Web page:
If you have laying hens, we recommend that you give them ground oyster shells. It is best to do this “free choice” by putting the oyster shells in a separate container, so that the hens can take as much as they need.
The eggshell for each egg that your hen lays is about 95% calcium carbonate by dry weight. In just one year’s time, the amount of calcium that a hen will put into her eggshells can equal 20 times the amount of calcium that is contained in her bones. That’s a lot of calcium. In order to stay healthy and produce strong egg shells, she needs to consume a steady supply of calcium.
A good quality layer feed will contain enough calcium for your hens, if it is the only food they have access to. But if you let your hens forage in the yard or feed them other things, like table scraps or scratch grain in addition to commercial layer feed, they’ll need additional calcium. If your hens are laying thin shelled eggs that break easily when handled, this can indicate that they aren’t receiving enough calcium, but it isn’t a conclusive indicator because excessive phosphorous, disease, or inherited traits can also cause thin egg shells.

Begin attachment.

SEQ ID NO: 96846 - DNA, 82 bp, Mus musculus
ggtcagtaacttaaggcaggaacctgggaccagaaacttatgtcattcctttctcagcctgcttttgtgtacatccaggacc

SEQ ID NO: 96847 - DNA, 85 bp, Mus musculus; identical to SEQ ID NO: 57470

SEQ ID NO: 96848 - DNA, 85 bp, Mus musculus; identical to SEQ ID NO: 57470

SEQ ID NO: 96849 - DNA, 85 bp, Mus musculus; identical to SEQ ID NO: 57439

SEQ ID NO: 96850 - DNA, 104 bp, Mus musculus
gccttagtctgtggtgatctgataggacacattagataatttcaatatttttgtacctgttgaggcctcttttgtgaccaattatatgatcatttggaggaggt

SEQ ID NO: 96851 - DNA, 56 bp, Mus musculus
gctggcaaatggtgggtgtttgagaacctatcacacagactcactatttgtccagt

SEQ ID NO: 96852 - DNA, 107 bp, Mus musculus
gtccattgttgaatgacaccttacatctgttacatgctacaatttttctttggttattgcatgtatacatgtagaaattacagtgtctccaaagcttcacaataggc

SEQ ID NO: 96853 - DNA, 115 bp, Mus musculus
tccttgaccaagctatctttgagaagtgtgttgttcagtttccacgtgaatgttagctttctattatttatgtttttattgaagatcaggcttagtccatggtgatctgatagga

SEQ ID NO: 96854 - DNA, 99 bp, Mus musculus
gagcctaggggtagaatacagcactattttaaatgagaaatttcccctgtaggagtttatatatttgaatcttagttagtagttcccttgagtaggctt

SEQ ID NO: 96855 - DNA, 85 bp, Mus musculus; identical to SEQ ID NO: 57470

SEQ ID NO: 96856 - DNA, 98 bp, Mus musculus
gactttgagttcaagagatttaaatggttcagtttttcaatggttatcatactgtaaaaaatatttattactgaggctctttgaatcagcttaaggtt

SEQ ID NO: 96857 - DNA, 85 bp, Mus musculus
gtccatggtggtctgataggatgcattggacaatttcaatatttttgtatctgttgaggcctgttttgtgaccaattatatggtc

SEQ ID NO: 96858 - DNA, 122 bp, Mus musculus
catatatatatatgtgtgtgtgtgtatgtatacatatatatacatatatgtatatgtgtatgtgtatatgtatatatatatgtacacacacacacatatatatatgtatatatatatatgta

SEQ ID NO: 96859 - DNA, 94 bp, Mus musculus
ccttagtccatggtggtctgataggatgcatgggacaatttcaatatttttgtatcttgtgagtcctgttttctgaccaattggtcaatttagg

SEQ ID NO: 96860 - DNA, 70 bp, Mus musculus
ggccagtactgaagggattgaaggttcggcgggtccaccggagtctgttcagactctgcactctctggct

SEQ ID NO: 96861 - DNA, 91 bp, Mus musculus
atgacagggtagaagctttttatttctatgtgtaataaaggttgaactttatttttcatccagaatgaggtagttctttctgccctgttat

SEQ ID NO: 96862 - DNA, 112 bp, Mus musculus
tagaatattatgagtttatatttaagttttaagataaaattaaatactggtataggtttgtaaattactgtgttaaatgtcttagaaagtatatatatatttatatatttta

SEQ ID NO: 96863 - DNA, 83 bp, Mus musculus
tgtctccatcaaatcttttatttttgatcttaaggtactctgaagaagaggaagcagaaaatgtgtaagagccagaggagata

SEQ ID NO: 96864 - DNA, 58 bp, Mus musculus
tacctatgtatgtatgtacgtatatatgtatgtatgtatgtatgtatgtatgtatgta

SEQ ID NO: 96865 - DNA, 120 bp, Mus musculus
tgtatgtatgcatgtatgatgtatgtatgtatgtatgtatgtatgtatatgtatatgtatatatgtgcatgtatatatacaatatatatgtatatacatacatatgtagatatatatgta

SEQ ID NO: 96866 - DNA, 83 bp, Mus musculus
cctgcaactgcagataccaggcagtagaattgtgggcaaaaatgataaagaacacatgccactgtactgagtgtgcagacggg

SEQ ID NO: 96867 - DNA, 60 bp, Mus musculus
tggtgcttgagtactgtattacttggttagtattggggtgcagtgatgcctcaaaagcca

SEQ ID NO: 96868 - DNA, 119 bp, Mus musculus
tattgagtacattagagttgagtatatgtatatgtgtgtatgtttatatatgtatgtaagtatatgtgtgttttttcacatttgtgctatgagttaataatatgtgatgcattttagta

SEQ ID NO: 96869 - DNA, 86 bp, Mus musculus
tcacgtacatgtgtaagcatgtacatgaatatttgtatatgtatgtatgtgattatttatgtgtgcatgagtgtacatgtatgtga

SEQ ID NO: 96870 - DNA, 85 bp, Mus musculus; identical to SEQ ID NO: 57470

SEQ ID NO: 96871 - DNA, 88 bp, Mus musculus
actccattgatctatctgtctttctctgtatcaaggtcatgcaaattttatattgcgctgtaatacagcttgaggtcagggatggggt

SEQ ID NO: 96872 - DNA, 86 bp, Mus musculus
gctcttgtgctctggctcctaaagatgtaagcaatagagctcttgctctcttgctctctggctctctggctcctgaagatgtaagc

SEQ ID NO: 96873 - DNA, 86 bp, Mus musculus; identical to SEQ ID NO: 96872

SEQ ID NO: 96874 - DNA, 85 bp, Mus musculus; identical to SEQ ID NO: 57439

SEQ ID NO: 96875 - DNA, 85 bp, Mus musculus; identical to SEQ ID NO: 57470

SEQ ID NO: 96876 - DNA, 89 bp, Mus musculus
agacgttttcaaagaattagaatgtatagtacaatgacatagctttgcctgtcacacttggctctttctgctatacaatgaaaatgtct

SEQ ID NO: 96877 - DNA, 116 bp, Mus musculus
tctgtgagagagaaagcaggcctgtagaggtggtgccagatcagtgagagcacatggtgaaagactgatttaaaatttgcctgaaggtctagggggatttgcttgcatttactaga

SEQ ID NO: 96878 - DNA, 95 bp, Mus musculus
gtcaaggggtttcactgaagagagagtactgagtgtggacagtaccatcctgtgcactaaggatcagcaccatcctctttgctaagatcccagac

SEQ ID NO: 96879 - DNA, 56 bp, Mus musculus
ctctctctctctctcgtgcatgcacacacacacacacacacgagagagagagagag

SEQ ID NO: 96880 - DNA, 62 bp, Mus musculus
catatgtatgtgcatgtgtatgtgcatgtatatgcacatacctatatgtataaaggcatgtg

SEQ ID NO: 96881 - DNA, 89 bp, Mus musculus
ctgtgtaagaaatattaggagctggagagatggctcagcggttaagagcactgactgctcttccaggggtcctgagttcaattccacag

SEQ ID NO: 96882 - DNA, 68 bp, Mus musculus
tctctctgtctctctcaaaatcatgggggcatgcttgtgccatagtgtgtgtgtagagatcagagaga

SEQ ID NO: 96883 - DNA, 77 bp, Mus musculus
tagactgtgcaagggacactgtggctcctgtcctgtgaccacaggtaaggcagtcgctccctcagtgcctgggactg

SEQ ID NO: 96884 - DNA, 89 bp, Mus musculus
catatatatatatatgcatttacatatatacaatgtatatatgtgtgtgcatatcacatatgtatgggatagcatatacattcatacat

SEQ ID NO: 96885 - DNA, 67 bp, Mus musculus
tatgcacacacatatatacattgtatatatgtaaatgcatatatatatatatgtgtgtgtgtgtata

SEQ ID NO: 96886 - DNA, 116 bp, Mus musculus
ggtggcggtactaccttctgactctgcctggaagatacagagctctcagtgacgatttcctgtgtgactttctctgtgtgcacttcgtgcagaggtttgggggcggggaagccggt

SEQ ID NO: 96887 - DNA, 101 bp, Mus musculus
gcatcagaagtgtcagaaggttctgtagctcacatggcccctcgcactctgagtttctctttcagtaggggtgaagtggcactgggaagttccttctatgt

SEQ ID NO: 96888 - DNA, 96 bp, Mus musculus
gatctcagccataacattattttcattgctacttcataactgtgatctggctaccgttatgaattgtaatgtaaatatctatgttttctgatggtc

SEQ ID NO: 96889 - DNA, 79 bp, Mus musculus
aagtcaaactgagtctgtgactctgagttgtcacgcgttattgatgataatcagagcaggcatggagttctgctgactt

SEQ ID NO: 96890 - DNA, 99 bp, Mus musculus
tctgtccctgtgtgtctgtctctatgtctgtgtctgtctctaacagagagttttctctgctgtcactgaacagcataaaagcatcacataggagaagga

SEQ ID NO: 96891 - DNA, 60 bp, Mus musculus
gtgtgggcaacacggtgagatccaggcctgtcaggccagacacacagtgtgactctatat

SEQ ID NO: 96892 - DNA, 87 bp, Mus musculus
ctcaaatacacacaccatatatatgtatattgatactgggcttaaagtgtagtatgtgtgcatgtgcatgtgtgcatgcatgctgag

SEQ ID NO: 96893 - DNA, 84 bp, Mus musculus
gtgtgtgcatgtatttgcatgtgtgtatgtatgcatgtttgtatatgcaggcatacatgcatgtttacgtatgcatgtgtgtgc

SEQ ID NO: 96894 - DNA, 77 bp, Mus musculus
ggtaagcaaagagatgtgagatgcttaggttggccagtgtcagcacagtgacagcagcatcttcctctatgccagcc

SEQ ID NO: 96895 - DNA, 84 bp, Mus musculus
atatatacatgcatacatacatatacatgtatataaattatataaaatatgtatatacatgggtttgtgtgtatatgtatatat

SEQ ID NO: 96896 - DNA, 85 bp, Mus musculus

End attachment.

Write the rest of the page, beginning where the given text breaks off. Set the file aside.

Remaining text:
We only recommend feeding ground oyster shells to hens that have begun to lay eggs.
For more information about laying hen management, eggs, and egg quality, see Storey’s Guide to Raising Chickens.